No more managers?

In this series we try to demystify management. We hope – and we have been told – this is useful stuff, but we all make one huge assumption: that management is necessary at all.

To be honest, I have never had the title of “manager”. I have done a fair bit of it, written about it and run courses on it, but in my long experience of leading and managing residential work, I have never once been called a manager. I have been a warden and a superintendent. I was even called a matron, but I did not think that suited me, so I settled for officer-in-charge. I was a director, which certainly has a managerial ring to it, for two months before a couple of members on the management committee, aghast at my non-managerial approach, ditched me. They wanted someone who would sort out years of strife and confusion in the first month, and create a streamlined, “modern” organisation in the second. And I had only just got round to telling the board of trustees that change would start with them.

Some time ago, when I was managing a very large care home where we were actually putting the local authority’s fine policies into practice, staff, residents, and relatives found themselves in conflict with senior managers and councillors who loved to proclaim progressive policies but considered the practice of them subversive. I cherish the memory of one meeting at which the chairperson of social services snarled at me: “If senior managers can’t manage you, I will,” and she swept out of the building tearing down pictures and notices as she went. What did she mean by “manage”? “Control”, I think, and then through her behaviour she demonstrated her own loss of control.

At about the same time, the late 1980s, that word “deliver” first became popular among managers. In social care – actually in any sort of public service except the Royal Mail – “delivery”, while sounding robust (there’s another one) and effective, nearly always amounts to no more than empty bluster. What does “delivery” mean in the social care context? (You will have noticed of course how popular it is with New Labour.) It means writing a policy and “putting it in place”. Issuing new directives – is that really management?

Again, you’ll have noticed how after every social care scandal there is a process of delivering new policies and procedures and putting them in place. A bit like using a long letter to unblock the drains, and finding that all twenty pages of it have been chucked down the lavatory, unread, to block them even more. There is a widespread fallacy that management systems – more, better, different – can somehow provide a technical solution. What we consistently fail to do is to concentrate on what social care workers actually do – the task – and to build our organisations around it.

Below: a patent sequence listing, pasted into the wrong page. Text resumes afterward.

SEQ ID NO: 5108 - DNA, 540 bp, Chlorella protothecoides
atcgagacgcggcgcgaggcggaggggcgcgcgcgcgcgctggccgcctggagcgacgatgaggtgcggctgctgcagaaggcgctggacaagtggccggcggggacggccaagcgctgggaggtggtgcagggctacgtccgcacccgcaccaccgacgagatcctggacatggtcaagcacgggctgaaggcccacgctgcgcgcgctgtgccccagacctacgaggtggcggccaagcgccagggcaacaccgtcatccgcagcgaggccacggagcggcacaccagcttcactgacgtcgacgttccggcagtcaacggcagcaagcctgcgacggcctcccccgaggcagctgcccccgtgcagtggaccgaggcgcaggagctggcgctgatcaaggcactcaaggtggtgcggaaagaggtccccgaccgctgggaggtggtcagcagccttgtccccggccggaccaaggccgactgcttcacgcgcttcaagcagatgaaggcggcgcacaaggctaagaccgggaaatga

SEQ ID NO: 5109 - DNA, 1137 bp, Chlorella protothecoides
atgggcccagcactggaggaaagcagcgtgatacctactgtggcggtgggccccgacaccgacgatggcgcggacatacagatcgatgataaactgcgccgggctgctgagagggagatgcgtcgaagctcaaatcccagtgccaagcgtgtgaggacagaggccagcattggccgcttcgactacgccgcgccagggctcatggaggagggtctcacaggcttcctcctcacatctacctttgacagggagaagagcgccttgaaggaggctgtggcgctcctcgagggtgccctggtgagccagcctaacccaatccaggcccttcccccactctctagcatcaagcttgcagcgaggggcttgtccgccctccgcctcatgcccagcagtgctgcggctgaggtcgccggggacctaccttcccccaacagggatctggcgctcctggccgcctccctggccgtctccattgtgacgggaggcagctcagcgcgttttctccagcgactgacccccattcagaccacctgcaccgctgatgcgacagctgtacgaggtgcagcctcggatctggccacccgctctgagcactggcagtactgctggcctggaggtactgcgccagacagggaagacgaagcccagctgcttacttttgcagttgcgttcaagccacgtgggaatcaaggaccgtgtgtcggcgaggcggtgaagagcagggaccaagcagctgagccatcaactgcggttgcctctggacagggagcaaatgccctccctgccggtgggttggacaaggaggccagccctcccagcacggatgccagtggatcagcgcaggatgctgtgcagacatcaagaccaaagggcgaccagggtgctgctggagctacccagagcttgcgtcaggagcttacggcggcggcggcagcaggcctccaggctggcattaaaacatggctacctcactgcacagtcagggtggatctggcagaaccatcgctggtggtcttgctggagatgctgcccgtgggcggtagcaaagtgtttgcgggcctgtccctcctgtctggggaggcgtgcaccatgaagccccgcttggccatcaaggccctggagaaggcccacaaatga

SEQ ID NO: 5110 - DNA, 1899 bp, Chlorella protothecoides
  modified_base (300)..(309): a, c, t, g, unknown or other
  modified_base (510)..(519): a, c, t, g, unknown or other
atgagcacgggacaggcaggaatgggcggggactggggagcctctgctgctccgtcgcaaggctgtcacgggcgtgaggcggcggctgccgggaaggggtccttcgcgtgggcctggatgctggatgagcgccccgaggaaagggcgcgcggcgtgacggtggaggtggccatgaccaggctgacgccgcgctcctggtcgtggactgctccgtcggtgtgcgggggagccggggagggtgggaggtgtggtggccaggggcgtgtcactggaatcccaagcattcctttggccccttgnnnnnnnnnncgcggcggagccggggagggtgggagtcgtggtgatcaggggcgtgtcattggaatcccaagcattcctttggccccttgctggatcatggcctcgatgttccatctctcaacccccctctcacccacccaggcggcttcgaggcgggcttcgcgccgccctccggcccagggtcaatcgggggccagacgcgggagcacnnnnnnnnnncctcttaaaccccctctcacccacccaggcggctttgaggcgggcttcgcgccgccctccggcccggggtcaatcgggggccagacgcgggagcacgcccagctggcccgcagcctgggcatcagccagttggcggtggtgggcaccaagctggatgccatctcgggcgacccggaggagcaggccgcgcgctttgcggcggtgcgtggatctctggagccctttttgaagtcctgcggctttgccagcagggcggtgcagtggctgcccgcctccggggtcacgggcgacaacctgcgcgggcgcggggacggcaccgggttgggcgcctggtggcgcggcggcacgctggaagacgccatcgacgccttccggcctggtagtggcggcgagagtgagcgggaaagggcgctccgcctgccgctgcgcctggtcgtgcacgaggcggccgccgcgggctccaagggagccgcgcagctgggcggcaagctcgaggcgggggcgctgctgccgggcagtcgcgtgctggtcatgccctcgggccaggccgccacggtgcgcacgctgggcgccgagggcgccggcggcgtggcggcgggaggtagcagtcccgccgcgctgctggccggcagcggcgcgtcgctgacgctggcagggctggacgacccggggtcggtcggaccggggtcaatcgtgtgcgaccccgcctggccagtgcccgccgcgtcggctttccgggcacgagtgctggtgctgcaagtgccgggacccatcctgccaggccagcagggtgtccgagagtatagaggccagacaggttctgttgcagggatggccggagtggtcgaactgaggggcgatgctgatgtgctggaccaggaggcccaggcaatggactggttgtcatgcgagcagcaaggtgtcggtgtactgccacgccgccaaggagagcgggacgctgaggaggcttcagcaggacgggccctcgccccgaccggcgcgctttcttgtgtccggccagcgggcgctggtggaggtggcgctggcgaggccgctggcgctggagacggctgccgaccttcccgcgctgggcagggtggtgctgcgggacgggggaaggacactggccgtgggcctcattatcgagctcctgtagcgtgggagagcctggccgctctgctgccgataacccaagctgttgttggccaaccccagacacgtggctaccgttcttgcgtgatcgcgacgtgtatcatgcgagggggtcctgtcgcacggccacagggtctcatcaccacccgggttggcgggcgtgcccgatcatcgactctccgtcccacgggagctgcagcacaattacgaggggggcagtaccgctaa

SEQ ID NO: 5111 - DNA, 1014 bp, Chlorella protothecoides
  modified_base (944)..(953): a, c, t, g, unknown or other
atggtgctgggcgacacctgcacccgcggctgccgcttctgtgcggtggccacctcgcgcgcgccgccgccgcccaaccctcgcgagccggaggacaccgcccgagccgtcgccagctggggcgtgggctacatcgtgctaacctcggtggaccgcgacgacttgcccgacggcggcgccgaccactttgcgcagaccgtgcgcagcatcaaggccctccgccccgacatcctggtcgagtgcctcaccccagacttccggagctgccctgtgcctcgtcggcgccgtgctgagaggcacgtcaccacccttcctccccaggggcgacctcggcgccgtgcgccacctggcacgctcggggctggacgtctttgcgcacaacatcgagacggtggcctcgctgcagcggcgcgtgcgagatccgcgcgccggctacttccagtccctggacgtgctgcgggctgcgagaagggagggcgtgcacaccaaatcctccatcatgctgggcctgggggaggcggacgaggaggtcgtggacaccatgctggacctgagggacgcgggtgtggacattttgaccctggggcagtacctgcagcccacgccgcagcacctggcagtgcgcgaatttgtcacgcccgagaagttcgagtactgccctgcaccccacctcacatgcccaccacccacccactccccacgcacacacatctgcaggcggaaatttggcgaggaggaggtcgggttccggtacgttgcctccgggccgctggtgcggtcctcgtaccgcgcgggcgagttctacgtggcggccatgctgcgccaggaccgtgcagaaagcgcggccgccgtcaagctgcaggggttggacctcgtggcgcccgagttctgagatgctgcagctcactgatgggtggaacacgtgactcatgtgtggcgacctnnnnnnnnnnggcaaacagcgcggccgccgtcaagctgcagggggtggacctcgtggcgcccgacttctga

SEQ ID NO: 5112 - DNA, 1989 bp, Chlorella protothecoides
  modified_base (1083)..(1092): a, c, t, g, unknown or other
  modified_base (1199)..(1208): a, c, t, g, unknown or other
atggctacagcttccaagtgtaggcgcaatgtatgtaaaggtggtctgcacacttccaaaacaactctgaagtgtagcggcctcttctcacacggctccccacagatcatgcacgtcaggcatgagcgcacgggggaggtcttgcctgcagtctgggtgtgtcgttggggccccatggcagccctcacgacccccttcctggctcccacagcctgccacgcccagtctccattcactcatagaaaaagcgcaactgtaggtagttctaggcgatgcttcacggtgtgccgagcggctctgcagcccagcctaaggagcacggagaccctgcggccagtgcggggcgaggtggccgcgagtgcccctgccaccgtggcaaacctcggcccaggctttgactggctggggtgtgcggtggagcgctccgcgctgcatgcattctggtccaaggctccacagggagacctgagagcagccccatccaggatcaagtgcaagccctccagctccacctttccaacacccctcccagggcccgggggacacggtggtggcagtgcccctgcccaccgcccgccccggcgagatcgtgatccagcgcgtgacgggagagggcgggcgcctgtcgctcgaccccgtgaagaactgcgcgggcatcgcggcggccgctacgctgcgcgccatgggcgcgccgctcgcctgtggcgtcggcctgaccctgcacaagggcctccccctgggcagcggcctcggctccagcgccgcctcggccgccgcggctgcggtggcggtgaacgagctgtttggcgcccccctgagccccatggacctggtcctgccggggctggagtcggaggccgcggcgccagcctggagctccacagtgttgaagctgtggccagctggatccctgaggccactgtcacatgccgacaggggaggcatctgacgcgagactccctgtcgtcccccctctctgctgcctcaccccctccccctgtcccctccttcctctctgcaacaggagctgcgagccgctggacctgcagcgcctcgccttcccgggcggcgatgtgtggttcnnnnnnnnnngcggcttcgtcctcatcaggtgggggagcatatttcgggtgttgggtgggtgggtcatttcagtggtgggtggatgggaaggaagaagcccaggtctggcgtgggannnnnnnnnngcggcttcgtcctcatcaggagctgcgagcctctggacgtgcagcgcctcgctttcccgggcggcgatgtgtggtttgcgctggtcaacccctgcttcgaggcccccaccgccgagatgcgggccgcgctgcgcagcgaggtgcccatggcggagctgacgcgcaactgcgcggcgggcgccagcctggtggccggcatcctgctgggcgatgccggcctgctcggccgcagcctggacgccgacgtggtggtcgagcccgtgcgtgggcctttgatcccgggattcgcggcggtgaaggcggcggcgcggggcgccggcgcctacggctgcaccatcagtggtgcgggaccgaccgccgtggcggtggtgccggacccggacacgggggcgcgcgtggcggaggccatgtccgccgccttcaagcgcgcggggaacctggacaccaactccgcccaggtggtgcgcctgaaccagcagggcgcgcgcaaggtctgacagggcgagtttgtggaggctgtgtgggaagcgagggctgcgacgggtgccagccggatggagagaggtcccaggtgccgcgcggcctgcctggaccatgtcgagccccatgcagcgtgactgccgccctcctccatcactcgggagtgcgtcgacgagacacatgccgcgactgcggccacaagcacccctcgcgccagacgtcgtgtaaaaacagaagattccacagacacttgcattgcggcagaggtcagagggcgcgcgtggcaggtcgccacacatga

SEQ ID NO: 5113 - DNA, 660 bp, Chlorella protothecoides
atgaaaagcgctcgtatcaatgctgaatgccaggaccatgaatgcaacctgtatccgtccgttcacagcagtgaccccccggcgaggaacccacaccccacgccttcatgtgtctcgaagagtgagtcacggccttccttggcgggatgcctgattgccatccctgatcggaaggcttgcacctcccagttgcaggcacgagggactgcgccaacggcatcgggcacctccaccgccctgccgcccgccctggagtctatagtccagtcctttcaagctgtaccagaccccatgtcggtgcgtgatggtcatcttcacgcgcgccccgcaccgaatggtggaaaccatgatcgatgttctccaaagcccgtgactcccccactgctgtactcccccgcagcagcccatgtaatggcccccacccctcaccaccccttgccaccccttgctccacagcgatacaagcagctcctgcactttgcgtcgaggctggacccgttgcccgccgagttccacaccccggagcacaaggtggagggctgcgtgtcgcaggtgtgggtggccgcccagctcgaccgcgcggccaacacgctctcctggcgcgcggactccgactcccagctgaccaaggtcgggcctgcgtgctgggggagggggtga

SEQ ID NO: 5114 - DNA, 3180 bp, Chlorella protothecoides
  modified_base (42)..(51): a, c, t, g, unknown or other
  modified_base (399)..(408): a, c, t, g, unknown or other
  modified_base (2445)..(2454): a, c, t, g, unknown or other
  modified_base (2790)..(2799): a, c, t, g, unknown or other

The idea of management, certainly within adult services, was peripheral to social care until the late-1980s when it became central to all organisations as “care management” and the market model of purchasers and providers ruled over us. Some of those structures are fading away now (only to be replaced by equally ineffectual ones) but management as a method of social care has stuck – and got stuck. And we are stuck in a mind-warp that has us believing that care is “delivered” to “service users” by “care managers”.

How can we free ourselves from this delusion and get on with the job? I suggest we forget about being managers as such and concentrate on getting things done. Think of yourself as the leader of a team, and, yes, an administrator and organiser, a supervisor and facilitator. Or imagine yourself as the leader of an expedition, clear about where you are going and why you are going there.

An effective leader will encourage others to lead at times and to experiment to seek out the best route. Innovation and ideas will be welcomed, risks and honest mistakes accepted. The leader will clarify responsibilities – their own and other people’s. They will encourage everyone in the team to make the very best use of the available resources and discourage squandering them on diversions that are nothing to do with reaching the agreed destination. They will foster a strong sense of commitment to a joint endeavour in which each individual makes a vital contribution.

The technical components of “management” are essential but, by themselves, they will not get the job done. Real social care cannot be “delivered”, disconnected and disembodied, like a parcel, or “package”, as we call it. It’s a face-to-face, person-to-person, transaction. It’s a serious and idealistic undertaking. It doesn’t work without personal contact, commitment and belief – yours and your team’s.

Top tips 

  • Stick to the task; be clear about your goals; get your team working with you, and you’ll find that the “managing” just happens.
  • Leading does not always have to be done by you or from the front.
  • Let others take credit. Get your kicks from what you achieve together.
  • A perfect state of management is like happiness: the more you try to achieve it, the less likely it is to happen.

Rubbish tips

  • Spout the jargon and management-speak and rely on buzzwords: this will win respect and show that you’re a manager who gets things done.
  • People will always need “managing”.
  • Stick to tried and tested systems – trust them not the workforce.
  • Issue a management directive each week if possible – shows you’re keen to get ahead and keeps your staff on their toes.   

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